It could be a photography blog, for example, in which case the most popular blogs in the photography niche will come up first in search engines like Google or Bing. Gearing all of your content towards that niche or category will give your readers a sense of familiarity. If they are looking for a specific type of content that they know you will provide, they know to come to your blog.
Of course, your blog doesn’t necessarily have to be all about photography or shoes or whatever other bloggable niches there are. In many cases, the tone of your writing is also what defines your niche. For example, there are humor writers and there are news writers, and in some cases, there are humorous news writers. But whatever your decided focus is, it’s simply wise just to understand what type of content it is that you want your readers to become accustomed to seeing.
Understand who else your audience is reading.
Assuming your goal is to be the “best blog out there” (or something along those lines), it’s obviously important that you understand who else your audience might be reading. In the case of fashion blogging, for example, there are a few table names that most bloggers compare themselves against. The Sartorialist and Fashion Toast are two blogs that most in the same category tend to look up to when crafting their own personal fashion blogs.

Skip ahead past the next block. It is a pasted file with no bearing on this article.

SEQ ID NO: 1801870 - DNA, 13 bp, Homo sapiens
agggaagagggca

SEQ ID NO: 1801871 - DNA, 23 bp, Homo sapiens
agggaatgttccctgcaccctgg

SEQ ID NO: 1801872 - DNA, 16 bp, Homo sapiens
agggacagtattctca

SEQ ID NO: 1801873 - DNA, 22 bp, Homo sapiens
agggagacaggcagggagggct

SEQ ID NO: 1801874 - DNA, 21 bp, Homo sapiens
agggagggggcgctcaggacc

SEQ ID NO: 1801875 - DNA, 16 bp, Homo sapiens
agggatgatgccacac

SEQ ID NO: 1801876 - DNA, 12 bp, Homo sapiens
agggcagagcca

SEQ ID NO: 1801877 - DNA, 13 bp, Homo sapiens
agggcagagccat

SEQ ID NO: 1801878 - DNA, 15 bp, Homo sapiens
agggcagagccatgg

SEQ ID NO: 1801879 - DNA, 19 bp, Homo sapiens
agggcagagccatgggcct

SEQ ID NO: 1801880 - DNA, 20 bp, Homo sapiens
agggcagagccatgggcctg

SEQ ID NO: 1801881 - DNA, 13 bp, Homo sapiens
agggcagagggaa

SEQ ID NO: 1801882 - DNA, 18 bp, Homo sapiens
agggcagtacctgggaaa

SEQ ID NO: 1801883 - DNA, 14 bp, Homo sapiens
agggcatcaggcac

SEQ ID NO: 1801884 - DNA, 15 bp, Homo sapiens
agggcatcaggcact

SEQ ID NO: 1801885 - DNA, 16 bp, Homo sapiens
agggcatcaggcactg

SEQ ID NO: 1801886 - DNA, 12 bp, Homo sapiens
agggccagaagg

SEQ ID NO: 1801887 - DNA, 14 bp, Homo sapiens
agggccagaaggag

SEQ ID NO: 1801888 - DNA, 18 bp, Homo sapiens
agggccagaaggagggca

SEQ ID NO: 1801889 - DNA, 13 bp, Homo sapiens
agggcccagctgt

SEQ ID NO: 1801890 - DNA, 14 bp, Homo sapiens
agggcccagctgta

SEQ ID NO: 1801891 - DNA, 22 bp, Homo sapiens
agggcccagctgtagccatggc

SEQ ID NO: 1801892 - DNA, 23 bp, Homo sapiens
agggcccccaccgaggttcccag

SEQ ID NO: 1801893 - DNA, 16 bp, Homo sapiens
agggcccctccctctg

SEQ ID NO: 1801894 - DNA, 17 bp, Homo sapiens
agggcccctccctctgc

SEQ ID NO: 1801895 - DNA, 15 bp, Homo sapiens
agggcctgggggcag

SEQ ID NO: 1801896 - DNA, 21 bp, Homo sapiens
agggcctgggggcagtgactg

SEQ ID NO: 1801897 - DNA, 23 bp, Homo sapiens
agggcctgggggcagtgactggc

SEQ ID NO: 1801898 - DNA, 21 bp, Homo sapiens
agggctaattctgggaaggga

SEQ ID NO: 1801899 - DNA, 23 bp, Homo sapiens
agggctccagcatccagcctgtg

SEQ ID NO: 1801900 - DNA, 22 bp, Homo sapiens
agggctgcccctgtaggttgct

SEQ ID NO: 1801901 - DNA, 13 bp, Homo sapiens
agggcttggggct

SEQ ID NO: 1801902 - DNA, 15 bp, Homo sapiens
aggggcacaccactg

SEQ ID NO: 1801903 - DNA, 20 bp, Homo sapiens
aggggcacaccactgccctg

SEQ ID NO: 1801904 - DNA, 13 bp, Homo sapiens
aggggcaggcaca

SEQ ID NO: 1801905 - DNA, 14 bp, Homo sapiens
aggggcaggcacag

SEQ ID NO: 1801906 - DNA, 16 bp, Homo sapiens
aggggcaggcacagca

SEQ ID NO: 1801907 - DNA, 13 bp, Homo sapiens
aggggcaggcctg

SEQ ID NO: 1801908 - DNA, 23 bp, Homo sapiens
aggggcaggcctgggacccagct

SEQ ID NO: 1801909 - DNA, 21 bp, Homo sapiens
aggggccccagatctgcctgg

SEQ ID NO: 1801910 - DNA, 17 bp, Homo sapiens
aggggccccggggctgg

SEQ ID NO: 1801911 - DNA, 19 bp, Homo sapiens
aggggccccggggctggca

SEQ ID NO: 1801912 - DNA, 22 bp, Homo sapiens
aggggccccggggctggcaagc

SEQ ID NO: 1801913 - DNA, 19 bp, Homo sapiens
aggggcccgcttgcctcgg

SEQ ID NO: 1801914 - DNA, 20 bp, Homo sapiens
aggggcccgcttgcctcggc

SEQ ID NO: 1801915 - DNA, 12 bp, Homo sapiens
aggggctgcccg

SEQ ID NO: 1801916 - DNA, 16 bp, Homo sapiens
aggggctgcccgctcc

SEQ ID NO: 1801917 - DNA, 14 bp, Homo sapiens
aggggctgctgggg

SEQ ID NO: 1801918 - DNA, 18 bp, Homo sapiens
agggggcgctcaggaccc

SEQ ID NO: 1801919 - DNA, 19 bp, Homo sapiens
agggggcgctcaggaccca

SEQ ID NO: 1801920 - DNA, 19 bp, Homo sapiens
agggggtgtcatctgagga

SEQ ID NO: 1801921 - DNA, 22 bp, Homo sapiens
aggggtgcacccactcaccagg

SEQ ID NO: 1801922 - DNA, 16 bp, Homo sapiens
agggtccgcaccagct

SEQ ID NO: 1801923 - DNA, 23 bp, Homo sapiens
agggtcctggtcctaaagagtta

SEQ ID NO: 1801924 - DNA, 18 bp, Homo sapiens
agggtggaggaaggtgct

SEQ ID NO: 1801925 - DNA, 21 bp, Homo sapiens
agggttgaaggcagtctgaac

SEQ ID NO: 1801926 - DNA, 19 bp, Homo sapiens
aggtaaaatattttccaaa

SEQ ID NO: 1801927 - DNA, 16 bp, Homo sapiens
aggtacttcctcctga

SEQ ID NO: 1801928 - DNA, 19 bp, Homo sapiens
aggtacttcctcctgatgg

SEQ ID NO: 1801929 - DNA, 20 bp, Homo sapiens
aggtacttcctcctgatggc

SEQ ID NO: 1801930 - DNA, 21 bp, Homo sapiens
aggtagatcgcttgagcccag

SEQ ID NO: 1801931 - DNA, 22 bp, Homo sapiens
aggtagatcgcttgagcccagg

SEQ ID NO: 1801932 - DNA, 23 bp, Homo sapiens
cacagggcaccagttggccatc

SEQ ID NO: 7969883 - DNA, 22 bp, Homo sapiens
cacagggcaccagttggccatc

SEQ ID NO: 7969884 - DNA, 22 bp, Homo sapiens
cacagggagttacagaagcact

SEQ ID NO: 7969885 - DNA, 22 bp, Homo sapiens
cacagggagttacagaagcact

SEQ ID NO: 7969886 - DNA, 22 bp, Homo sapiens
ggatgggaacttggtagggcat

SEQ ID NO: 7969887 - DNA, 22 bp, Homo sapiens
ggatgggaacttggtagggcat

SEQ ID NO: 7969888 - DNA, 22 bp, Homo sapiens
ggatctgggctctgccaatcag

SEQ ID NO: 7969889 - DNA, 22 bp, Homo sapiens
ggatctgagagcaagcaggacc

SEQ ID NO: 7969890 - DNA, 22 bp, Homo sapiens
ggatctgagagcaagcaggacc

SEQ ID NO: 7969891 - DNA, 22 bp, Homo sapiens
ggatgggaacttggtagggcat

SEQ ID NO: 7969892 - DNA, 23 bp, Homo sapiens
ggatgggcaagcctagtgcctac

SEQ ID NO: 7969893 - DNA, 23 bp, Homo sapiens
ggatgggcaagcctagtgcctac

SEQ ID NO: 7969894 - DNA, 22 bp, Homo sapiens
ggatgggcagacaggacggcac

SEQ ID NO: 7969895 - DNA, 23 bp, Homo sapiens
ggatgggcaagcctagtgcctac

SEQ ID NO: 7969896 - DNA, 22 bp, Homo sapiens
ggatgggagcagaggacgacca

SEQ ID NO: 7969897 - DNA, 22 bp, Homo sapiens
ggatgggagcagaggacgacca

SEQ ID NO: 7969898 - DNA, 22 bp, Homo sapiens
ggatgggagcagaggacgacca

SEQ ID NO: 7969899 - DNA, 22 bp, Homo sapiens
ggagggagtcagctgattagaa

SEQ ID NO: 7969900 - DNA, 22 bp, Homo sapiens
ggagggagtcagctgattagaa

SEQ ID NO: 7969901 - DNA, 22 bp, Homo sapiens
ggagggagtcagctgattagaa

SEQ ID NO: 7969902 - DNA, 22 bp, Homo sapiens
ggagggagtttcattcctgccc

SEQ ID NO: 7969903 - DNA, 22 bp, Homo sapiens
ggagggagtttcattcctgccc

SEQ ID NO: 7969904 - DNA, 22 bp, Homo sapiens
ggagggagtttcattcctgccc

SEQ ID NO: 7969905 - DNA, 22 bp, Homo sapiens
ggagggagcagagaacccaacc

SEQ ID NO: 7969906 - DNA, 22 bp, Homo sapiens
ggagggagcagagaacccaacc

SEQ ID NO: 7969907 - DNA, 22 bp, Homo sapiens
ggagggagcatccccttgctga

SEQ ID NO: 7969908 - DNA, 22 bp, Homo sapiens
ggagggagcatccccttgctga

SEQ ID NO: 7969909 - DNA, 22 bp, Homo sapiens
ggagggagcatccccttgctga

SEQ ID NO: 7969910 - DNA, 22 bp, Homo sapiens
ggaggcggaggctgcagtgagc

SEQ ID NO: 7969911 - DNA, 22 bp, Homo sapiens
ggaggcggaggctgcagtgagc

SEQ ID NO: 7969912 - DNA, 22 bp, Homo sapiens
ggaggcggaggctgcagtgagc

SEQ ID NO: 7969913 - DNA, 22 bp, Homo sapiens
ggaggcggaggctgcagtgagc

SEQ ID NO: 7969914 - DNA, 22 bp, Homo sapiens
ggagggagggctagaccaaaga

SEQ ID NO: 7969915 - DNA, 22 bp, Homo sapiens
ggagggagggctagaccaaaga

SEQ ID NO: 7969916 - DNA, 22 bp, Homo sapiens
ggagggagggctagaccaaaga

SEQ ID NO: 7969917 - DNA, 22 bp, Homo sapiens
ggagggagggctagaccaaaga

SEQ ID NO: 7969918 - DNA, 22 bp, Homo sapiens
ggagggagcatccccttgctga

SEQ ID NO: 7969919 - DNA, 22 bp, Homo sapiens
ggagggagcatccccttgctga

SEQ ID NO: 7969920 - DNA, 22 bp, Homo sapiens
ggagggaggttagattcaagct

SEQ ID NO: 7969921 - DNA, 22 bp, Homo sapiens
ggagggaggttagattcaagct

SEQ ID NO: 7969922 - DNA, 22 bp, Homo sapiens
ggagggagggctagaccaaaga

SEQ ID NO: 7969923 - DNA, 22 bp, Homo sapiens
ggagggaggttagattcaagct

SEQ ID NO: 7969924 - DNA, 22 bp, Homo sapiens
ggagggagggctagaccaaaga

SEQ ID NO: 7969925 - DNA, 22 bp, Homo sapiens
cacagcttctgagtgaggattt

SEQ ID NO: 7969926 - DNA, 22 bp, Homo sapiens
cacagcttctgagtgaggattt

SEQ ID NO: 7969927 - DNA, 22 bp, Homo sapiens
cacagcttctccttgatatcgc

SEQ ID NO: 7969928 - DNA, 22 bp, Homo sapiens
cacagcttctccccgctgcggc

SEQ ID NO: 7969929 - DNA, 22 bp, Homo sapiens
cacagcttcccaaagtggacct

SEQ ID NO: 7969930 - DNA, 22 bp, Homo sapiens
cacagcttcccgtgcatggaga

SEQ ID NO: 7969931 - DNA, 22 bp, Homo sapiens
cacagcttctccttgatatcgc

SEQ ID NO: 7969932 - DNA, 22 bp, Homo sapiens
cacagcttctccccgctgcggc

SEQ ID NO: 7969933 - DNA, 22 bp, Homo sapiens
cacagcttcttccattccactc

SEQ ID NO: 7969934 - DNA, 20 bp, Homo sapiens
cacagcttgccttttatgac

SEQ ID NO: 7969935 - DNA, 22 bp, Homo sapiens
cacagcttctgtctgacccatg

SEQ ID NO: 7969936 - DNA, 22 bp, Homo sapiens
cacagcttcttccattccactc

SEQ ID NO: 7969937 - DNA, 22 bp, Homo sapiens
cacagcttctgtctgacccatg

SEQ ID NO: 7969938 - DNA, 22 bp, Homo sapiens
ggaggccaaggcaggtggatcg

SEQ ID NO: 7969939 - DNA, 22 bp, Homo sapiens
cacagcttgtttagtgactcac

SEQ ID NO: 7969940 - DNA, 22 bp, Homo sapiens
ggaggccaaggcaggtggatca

From simply glancing at the two blogs mentioned, we notice a very basic and common theme. Both blogs have large, high quality images for their audience to dissect the various pieces in the photo and derive style inspiration from.
As a new fashion blogger, this is the bar that sets the level of quality your fashion blog should take. This doesn’t mean that the look and feel of your blog should be identical to the formats of your more popular counterparts, but it’s important to understand why these blogs are successful in order to keep these points in mind when creating your own entries.